Men with Hypertension who are being treated with “Calcium Channel Blockers” may have impaired fertility.

Men who are into body-building and are taking steroids and other medications often have impaired fertility.

Another red flag would be if either the man or woman has a significant weight problem.

Another red flag for the husband would be if he were married before, unable to father a child and his first wife was remarried and able to become pregnant without difficulty. This would also suggest that perhaps there is a male factor present.

One question that is frequently asked is whether age affects fertility and to what degree. We have known for years that a woman’s fertility declines as she gets older. A woman is most fertile in her mid-20’s. There is a slight drop at age 30, a larger drop at 35, and an even more significant drop at 40. Nonetheless, as we will often repeat, the majority of women at any age who wish to become pregnant are able to do so.

One question that has always been hard to answer is what effect age has on male fertility. First, most older men are not interested in fathering children. Second, older men tend to be married to older women. It is therefore difficult to separate the two. Is their infertility more due to his older age or hers?

Further complicating the situation are the much older men who have been able to father children with much younger women. Certainly male fertility declines with age but we really do not worry too much until the man reaches age 45.

A study from England published in the summer of 2000 did provide compelling evidence that as men get older, they have a harder time impregnating their partner. Furthermore, this decline begins much earlier than we had suspected.

The British researchers showed that the likelihood of a man’s partner become pregnant within 6 months decreased by 2% for every year that man is over age 24!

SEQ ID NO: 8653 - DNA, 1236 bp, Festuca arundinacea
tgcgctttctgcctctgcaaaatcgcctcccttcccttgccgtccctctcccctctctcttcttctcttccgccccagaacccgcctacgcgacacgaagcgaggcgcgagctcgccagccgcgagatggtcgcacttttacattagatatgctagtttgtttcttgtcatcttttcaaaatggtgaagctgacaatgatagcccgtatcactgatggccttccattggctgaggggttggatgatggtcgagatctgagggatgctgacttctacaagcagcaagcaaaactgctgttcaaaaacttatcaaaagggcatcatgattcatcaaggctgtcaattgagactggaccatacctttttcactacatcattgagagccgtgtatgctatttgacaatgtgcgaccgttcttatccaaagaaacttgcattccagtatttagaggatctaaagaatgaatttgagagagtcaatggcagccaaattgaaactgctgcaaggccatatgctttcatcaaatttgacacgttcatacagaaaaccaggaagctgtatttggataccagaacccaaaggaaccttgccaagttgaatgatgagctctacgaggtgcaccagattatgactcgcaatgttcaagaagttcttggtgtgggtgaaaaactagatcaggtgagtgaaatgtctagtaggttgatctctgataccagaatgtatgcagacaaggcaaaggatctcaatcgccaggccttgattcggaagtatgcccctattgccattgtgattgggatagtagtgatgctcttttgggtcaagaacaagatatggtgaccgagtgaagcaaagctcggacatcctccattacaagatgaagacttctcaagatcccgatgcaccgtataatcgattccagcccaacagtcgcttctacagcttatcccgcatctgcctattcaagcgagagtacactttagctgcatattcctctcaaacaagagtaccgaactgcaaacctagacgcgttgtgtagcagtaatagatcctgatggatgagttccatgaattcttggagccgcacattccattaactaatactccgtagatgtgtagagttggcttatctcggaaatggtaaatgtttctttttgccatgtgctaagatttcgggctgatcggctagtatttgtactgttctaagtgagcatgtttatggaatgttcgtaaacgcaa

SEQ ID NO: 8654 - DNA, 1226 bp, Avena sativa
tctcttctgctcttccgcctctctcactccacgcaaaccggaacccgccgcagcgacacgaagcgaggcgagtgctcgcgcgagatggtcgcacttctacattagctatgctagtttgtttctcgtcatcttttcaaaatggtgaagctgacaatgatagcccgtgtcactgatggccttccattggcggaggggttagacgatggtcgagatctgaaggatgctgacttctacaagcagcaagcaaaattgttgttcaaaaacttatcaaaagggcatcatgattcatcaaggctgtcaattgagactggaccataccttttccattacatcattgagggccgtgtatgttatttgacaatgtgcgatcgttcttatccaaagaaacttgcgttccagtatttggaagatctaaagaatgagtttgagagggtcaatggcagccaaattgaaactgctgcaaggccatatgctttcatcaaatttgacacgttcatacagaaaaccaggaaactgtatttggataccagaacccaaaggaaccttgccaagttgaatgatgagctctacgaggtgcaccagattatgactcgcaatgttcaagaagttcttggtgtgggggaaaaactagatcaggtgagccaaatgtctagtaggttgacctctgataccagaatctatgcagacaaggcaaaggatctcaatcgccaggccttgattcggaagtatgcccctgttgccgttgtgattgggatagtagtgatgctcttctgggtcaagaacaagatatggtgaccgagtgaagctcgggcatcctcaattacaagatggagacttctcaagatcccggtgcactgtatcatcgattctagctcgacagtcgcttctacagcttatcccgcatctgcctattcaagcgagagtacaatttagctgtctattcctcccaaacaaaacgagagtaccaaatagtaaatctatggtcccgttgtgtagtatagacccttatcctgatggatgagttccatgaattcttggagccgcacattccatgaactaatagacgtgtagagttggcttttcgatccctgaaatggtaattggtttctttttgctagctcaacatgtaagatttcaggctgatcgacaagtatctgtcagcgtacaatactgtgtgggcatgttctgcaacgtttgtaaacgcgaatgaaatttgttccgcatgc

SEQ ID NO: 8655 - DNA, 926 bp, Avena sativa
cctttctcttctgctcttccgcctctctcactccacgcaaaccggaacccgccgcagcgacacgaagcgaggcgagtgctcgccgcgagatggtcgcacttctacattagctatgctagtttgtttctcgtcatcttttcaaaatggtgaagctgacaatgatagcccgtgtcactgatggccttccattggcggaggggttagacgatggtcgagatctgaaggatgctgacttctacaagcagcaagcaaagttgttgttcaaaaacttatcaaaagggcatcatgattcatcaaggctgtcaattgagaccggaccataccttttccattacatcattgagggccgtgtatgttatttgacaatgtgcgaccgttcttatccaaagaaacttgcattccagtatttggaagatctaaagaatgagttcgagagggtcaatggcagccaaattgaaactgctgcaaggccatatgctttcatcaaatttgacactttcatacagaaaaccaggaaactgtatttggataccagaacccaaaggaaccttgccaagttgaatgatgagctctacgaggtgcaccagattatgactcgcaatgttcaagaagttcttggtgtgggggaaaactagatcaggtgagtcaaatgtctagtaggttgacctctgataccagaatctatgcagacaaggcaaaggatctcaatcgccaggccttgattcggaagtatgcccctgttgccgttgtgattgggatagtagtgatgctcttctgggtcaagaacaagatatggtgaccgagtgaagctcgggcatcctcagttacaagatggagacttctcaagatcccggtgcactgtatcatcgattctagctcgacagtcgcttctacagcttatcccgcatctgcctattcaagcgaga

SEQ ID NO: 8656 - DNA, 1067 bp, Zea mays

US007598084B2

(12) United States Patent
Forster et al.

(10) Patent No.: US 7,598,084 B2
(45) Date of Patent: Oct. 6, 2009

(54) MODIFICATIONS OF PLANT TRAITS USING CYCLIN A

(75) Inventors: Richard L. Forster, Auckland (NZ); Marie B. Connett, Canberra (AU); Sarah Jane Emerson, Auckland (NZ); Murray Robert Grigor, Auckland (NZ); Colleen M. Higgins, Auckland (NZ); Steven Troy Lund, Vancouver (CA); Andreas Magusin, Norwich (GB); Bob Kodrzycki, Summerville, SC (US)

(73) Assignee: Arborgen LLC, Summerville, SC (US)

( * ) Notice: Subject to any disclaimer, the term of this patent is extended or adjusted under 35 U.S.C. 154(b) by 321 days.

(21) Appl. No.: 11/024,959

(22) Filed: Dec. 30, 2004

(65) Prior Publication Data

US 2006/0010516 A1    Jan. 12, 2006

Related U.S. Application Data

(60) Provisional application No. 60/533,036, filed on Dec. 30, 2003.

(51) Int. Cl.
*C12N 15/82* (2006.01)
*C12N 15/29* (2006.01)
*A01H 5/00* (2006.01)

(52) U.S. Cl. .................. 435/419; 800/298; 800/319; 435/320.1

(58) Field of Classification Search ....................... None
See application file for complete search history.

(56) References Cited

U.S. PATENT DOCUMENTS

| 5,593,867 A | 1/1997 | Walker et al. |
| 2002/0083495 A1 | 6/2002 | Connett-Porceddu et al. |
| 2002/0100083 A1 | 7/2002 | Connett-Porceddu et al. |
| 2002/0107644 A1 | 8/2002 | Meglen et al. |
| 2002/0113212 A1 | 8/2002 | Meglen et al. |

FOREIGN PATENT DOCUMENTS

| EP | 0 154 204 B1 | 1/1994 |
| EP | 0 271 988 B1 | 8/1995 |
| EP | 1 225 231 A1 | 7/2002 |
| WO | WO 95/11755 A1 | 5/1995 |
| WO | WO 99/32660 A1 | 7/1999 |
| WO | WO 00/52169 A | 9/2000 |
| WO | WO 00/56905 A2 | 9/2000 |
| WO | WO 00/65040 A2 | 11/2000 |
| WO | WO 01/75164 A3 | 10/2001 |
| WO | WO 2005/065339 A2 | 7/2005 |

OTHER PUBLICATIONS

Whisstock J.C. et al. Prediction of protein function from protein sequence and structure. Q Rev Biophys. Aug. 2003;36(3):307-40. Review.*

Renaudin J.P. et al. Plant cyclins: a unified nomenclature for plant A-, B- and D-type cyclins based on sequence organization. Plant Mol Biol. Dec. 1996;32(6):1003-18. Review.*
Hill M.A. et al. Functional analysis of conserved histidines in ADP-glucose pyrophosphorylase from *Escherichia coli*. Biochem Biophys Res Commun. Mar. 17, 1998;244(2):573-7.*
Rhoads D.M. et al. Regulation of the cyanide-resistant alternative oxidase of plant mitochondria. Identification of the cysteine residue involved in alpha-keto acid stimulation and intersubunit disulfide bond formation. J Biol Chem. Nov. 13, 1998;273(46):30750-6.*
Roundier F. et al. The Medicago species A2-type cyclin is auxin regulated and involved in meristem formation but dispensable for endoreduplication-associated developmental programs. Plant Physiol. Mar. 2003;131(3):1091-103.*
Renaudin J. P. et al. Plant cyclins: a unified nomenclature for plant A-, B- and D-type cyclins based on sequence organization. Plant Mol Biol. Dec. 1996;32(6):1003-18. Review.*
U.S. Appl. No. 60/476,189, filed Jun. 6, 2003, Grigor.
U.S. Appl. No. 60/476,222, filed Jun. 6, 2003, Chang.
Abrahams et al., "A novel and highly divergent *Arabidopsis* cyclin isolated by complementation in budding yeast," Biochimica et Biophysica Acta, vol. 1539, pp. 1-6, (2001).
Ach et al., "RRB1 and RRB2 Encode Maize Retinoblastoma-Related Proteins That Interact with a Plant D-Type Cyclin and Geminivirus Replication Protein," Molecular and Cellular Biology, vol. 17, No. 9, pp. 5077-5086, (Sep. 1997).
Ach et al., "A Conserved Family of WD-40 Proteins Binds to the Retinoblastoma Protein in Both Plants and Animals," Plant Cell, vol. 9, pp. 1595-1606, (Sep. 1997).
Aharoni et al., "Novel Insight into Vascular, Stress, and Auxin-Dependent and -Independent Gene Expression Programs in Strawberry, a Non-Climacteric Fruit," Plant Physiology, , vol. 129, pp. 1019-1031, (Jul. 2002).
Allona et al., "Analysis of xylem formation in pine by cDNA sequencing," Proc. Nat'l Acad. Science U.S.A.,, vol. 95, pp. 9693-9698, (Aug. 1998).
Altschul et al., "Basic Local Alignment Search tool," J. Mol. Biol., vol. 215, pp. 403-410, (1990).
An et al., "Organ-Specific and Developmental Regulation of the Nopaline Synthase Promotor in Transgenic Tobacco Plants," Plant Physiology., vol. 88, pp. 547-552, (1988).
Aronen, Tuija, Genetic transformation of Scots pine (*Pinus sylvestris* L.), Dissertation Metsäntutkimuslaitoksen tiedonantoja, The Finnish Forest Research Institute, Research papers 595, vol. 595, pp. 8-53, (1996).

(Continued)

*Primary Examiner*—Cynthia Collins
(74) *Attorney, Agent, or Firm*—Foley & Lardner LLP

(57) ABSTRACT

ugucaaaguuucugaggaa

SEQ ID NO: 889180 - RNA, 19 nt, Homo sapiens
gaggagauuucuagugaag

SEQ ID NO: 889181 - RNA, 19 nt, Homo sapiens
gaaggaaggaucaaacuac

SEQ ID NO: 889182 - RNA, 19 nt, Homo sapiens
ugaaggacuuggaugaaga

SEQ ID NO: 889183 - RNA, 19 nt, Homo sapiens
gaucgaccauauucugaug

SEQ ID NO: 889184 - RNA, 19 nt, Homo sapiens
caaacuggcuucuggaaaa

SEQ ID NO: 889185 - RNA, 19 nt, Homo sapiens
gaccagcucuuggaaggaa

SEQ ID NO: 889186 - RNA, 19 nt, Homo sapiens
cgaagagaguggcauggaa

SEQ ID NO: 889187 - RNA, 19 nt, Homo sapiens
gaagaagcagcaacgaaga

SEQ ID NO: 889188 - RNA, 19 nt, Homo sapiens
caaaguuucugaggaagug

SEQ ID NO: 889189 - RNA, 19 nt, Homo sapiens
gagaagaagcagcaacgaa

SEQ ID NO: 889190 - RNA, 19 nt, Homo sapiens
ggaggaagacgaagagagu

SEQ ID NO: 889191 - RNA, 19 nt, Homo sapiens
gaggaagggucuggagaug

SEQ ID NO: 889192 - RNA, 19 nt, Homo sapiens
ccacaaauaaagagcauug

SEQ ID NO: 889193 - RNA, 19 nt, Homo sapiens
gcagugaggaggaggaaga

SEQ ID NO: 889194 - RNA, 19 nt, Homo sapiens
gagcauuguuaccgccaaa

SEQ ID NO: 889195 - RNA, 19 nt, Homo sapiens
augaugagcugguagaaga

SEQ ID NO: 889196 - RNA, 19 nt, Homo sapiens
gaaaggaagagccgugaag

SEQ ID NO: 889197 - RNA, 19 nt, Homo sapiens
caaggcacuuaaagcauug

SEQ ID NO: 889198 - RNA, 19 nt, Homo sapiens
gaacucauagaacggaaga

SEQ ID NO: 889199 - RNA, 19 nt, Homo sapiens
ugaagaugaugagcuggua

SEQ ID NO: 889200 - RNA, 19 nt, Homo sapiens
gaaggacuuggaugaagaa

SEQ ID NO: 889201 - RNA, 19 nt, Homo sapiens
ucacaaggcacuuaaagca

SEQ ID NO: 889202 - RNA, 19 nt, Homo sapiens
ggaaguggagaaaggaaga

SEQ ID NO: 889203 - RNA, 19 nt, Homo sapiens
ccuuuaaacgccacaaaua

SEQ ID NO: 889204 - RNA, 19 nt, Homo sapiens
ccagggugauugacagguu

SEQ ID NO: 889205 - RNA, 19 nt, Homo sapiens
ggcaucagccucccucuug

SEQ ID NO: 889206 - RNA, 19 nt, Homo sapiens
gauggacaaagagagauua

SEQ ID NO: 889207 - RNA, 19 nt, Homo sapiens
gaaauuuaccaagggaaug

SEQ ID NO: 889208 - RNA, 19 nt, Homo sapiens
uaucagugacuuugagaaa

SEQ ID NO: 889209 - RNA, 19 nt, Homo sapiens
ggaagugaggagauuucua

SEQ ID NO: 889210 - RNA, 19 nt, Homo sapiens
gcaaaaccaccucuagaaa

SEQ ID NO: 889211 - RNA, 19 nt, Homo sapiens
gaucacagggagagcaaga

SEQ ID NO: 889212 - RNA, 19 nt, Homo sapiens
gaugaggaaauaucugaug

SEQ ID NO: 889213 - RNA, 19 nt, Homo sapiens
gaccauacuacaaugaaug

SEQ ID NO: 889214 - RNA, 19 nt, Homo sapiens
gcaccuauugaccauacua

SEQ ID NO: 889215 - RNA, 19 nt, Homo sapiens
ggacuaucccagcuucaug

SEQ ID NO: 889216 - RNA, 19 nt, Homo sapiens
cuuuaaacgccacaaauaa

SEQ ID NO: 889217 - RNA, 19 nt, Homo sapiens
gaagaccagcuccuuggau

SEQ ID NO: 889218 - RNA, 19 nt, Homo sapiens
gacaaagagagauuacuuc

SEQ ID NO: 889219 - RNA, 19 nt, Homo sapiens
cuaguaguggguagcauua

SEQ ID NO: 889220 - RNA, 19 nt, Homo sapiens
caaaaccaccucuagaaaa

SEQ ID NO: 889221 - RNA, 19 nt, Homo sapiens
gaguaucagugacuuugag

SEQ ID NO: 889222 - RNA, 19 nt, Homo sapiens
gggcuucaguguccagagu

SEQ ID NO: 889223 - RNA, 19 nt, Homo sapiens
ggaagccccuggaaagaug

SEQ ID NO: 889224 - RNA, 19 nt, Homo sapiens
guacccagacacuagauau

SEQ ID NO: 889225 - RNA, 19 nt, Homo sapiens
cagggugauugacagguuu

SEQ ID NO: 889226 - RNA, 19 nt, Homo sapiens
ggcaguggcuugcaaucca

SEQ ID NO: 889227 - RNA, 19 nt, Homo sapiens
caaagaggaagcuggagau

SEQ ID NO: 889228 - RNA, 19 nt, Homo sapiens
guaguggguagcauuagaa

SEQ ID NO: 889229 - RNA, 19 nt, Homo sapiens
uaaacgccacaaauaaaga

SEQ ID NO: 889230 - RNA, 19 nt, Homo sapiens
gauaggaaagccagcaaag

The study also showed that a woman whose partner is 5 or more years older than she is has a lesser chance of conceiving within in a year than if her partner were the same age or younger.

The study found that if the man is under age 25, only about 8% of the time will his partner not conceive within 1 year. However, if he is over 35, that number jumps to 15%. The study showed that as a woman goes from age 30 to age 35, her fertility decreases 10-20%. However, a man’s fertility drops by 50% when he goes from age 25 to age 35.

Data from a French IVF clinic further illustrates this point. The study showed that in women going through IVF, the percentage of eggs that fertilized was 60% if the man was under 39 but only 51% if the man was over 39. Other studies looking at other indicators of semen quality have shown similar findings.

The numbers indicate that while women have a significant drop off in their fertility at age 40, men just dwindle away slowly. Therefore, if an older man is married to a younger woman, it just may take longer to establish a pregnancy. However, if the woman herself is older, that couple should seek help sooner since the woman’s decline in fertility with age becomes the more significant issue.

In summary, a younger couple should try to achieve a pregnancy for six months, having intercourse often enough (two to three times a week) to allow them a reasonable chance of a pregnancy. If after six months that woman has not become pregnant, they should seek medical attention – sooner if there are any “red flags” or if age would mandate an earlier visit.